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LORDSTOWN Leaders wonder: Has bike trail project come to a dead end?

Saturday, January 31, 2004

At issue is whether the village has the money for its share of the funding.
LORDSTOWN -- While the village has received initial approval for funding to construct a bike trail, leaders are not convinced all of the money is readily available.
Council members are torn on whether to aggressively pursue grant money to build a bike path throughout the village, or to simply withdraw their request until a future date.
Zoning Administrator Ron Barnhart said the Eastgate Regional Council of Governments has approved the initial application from the village for funding toward construction. The village is expected to cover the cost of design fees and 20 percent of the construction costs, he said, which could run about $200,000. That amount could increase to as much as $300,000, however, if the plans were to call for the construction of bridges across existing railroad tracks.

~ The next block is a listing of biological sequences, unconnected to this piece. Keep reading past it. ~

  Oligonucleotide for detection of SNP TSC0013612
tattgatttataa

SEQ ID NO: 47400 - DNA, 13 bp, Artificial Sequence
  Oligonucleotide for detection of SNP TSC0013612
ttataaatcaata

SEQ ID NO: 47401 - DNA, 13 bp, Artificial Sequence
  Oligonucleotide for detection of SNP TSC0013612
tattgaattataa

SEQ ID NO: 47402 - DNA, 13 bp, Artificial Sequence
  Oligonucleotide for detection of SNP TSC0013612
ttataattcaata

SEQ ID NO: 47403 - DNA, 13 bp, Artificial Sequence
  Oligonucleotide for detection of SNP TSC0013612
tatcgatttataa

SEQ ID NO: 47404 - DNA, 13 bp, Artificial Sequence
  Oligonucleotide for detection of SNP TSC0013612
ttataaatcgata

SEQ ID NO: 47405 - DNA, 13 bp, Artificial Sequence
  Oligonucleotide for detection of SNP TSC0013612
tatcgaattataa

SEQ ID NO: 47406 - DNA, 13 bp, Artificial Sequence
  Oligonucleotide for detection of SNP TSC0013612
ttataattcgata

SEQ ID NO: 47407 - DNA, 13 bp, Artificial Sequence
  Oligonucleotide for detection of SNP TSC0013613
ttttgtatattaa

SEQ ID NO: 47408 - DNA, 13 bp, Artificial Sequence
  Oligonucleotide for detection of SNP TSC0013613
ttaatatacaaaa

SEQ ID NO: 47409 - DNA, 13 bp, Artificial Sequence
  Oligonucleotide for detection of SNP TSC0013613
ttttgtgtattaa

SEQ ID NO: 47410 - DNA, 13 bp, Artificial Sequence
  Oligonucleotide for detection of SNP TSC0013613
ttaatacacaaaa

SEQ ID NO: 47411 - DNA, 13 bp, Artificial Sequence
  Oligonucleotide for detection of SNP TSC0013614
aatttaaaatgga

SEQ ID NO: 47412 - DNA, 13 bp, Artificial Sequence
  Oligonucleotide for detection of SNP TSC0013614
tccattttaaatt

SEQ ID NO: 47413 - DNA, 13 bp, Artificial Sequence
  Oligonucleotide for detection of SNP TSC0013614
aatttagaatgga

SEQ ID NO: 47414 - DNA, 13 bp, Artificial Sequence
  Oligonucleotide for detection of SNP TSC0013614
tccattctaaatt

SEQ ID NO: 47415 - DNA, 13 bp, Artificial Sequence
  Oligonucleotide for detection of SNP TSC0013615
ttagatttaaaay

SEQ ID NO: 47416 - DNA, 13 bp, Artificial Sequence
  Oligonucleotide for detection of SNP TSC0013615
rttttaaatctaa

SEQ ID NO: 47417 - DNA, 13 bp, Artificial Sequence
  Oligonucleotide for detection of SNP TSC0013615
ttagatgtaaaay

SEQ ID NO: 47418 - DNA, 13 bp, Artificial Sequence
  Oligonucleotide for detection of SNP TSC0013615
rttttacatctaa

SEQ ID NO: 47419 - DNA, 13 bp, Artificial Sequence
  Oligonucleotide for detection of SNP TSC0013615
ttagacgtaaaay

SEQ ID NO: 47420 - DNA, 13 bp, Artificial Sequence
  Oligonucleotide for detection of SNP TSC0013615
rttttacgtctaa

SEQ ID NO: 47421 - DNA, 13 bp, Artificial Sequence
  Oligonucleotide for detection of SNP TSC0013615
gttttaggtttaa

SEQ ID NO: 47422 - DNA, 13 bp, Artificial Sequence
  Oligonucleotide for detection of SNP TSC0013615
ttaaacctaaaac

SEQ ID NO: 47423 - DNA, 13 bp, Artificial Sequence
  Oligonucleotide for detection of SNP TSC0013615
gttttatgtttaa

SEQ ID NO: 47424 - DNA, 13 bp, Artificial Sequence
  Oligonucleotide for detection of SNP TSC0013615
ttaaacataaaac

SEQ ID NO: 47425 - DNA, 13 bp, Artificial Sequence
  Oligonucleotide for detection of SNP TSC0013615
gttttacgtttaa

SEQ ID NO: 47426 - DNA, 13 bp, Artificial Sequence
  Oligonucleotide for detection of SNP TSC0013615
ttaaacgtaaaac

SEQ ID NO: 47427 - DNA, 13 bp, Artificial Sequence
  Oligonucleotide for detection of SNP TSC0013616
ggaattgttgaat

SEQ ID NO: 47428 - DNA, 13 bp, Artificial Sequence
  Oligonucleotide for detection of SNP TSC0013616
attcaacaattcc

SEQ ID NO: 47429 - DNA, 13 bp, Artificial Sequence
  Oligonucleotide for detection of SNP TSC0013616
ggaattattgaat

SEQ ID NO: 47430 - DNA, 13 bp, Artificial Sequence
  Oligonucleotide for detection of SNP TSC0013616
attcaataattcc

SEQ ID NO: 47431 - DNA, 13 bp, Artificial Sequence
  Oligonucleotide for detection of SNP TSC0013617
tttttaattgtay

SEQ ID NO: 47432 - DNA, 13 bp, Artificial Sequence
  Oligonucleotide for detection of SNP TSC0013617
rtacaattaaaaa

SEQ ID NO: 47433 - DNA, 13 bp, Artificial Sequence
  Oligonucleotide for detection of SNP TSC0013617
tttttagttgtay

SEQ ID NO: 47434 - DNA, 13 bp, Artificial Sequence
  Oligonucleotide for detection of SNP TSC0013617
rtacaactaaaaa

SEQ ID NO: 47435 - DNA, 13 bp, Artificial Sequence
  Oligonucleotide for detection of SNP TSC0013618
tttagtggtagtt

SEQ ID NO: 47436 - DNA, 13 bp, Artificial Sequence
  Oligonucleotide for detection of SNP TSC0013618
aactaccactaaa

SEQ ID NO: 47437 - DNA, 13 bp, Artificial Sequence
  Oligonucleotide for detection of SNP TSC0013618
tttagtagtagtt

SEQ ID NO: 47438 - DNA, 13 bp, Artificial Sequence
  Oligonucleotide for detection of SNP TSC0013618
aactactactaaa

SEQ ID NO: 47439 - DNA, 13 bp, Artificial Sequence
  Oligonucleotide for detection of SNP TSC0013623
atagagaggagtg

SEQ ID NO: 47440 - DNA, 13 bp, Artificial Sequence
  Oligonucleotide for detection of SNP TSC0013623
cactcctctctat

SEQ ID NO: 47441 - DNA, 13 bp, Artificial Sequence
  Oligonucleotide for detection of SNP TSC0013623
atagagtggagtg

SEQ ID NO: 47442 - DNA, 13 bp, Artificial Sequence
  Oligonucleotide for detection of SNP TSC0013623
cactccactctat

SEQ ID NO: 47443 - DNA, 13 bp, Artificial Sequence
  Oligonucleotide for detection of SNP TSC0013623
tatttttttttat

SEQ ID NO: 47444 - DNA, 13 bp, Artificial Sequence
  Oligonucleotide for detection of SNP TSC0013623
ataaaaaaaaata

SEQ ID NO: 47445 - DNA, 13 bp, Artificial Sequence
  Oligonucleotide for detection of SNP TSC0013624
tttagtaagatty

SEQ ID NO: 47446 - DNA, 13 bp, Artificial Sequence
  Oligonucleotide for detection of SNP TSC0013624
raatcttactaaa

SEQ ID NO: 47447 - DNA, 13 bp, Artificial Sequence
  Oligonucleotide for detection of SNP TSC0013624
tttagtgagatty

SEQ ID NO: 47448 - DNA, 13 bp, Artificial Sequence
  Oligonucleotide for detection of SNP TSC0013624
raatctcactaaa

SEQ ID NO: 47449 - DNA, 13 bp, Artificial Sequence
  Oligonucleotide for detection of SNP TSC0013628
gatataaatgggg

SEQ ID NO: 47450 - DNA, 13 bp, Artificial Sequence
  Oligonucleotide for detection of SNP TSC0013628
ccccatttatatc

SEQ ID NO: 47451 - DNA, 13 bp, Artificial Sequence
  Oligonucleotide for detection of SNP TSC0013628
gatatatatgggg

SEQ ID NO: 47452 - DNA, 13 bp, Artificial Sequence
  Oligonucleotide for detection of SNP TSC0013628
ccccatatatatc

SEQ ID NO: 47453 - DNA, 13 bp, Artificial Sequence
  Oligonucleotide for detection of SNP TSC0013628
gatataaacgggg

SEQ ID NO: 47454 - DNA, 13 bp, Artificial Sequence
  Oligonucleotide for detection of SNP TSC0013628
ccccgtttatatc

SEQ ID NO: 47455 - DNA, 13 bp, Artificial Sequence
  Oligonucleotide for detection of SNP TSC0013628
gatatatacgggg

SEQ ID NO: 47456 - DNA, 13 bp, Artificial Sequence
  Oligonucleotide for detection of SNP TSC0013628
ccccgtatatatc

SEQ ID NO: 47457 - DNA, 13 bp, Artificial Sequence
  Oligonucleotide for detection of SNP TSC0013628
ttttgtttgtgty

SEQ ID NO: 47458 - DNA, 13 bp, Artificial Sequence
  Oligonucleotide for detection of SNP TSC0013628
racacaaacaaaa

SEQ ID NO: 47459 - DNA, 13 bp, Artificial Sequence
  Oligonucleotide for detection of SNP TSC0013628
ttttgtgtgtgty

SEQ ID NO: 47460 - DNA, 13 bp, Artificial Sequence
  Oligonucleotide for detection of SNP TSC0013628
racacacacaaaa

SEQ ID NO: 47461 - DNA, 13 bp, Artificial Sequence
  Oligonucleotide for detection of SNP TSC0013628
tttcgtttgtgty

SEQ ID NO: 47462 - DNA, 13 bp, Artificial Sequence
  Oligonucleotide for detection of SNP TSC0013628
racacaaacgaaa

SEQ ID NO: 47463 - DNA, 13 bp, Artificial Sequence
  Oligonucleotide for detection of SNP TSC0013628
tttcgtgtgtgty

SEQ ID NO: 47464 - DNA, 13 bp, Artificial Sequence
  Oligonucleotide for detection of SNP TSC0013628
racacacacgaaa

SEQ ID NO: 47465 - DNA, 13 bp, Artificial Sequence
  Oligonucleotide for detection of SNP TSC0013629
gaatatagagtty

It's those numbers that worry some council members.
"We have more than half our residents who still are without sewers," said Councilman Richard Morgan. "We need to take care of that before this."
Drop in taxes
Most council members say they agree with Morgan, and point to projected drops in income taxes as a reason to keep a sharp eye on finances. The village's largest employer, the General Motors plants, are expected to decrease their work forces in the coming years, which translates into less income for the village. Those drops in revenue, combined with increases in maintaining current services, could mean some belt-tightening, they said.
"There are just too many other projects in the village that need the money," said Councilman William Dray, who urged council to drop the request for funding from Eastgate.
Others, however, are reluctant to drop the project altogether just yet, and instead want to investigate the project a little more and see what a final bill would be for the village.
"I think we need to do a little bit more work on this rather than just say, 'No,'" said Councilman D. James London.
Mayor Michael A. Chaffee said he will work with Barnhart and a bike trail committee composed of local residents to determine whether the village should continue with the Eastgate grant application. Council is expected to debate the matter again at a future meeting, and make a decision by the beginning of March, when the next round of grant applications are due.